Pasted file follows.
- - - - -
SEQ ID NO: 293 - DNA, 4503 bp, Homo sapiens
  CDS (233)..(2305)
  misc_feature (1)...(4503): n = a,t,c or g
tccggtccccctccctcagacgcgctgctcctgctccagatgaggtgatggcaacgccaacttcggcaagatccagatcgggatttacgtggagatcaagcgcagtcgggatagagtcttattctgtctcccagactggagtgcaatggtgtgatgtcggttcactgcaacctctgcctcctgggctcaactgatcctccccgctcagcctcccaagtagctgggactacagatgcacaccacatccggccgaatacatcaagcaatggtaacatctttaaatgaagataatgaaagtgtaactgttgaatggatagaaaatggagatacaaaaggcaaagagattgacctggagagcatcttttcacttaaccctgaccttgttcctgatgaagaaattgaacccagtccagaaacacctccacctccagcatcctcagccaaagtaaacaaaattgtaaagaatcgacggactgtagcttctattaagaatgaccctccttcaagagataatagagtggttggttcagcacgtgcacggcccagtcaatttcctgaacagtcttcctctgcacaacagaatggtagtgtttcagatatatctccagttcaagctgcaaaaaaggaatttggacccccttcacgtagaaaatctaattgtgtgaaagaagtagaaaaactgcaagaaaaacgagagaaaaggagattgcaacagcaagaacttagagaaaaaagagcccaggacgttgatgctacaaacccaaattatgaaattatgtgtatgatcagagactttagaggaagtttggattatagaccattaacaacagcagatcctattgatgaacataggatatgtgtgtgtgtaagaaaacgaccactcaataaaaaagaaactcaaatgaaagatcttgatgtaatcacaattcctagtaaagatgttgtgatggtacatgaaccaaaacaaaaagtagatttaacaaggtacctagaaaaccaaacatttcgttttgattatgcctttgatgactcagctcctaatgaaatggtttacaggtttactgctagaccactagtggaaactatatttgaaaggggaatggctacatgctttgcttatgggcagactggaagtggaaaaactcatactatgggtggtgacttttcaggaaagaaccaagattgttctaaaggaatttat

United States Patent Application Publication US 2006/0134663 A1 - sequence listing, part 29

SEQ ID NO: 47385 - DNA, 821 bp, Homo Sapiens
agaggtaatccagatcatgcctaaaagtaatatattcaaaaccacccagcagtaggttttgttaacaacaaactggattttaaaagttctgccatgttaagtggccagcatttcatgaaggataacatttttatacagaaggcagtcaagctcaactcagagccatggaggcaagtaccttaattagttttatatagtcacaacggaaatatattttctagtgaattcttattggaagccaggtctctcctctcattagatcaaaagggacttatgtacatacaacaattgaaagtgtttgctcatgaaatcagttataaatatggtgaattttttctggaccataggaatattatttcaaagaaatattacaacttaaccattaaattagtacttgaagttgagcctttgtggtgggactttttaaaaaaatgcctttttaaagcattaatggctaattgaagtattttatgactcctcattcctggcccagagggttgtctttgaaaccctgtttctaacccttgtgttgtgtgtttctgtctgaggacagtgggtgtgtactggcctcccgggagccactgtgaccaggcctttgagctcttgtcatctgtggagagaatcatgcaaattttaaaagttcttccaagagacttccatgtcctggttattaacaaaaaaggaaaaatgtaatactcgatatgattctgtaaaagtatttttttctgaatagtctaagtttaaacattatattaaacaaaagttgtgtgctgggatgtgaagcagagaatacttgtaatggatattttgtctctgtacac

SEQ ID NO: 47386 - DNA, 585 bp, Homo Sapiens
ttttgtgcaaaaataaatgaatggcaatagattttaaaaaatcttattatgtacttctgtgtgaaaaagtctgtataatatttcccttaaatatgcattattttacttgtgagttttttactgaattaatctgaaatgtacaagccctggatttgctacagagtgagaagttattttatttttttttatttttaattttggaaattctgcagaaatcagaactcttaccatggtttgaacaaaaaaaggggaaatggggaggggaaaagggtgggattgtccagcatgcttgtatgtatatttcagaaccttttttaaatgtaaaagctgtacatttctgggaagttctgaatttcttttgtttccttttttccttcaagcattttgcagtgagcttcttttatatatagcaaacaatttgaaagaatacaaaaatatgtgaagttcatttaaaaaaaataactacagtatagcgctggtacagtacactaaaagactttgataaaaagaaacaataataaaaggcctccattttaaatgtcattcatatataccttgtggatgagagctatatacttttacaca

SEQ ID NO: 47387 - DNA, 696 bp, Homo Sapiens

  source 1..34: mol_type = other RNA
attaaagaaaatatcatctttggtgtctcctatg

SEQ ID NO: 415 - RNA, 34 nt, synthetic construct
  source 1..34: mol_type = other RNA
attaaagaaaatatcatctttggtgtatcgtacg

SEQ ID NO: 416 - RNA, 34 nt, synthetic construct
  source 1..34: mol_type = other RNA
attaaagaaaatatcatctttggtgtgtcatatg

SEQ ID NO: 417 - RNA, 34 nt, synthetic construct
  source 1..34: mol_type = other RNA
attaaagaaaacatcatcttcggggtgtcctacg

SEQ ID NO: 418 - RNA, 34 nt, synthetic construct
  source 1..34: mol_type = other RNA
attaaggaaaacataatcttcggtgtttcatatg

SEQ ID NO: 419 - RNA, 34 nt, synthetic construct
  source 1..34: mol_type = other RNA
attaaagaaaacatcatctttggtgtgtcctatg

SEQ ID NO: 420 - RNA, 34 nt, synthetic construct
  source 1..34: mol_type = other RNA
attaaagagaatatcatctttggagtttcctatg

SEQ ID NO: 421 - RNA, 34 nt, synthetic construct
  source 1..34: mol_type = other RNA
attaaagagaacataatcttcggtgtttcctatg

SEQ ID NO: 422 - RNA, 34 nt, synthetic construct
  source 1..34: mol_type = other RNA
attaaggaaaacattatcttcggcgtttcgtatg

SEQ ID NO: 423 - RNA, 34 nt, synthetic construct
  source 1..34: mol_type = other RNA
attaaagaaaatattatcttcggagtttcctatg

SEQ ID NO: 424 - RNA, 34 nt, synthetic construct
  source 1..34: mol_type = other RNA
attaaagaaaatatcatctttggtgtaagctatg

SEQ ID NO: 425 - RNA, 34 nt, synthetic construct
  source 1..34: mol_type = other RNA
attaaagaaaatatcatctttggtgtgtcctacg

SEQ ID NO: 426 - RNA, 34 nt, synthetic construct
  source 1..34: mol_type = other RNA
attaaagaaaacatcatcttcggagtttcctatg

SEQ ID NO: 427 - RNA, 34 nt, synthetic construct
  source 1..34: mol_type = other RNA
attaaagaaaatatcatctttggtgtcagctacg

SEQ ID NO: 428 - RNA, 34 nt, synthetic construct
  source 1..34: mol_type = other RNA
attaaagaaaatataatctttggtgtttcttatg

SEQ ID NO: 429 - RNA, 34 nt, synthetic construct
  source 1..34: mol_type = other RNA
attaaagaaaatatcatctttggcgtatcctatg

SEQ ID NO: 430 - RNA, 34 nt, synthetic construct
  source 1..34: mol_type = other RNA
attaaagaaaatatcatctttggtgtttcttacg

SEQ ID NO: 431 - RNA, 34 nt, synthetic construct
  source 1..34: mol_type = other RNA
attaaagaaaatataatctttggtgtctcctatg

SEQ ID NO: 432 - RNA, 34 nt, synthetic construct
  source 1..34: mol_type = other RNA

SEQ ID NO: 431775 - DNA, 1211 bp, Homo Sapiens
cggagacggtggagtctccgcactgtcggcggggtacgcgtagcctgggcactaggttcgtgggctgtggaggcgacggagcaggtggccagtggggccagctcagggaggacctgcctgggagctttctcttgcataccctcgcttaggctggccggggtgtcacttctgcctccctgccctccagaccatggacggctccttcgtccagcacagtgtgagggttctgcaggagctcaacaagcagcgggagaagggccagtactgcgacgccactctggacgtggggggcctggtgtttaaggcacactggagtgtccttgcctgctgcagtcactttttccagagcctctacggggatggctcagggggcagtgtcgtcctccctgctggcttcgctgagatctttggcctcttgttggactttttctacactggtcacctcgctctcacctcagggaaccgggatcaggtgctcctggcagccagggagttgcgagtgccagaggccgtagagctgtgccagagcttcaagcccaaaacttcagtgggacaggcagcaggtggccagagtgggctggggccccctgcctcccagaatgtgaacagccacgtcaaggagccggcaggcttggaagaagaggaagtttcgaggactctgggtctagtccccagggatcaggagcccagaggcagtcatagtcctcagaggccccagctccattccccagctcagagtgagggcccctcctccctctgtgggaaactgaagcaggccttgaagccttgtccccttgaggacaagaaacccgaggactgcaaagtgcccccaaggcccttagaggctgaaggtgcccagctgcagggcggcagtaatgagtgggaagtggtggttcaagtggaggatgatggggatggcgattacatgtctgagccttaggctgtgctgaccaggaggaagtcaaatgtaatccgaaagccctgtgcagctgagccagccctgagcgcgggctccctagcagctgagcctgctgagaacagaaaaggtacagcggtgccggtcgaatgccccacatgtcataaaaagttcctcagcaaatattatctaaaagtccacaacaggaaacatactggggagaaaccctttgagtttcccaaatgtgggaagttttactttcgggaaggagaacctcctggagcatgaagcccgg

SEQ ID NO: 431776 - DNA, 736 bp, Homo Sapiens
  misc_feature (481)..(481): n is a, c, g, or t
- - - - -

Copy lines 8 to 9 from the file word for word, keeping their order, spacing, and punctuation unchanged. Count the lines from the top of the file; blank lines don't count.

SEQ ID NO: 47386 - DNA, 585 bp, Homo Sapiens
ttttgtgcaaaaataaatgaatggcaatagattttaaaaaatcttattatgtacttctgtgtgaaaaagtctgtataatatttcccttaaatatgcattattttacttgtgagttttttactgaattaatctgaaatgtacaagccctggatttgctacagagtgagaagttattttatttttttttatttttaattttggaaattctgcagaaatcagaactcttaccatggtttgaacaaaaaaaggggaaatggggaggggaaaagggtgggattgtccagcatgcttgtatgtatatttcagaaccttttttaaatgtaaaagctgtacatttctgggaagttctgaatttcttttgtttccttttttccttcaagcattttgcagtgagcttcttttatatatagcaaacaatttgaaagaatacaaaaatatgtgaagttcatttaaaaaaaataactacagtatagcgctggtacagtacactaaaagactttgataaaaagaaacaataataaaaggcctccattttaaatgtcattcatatataccttgtggatgagagctatatacttttacaca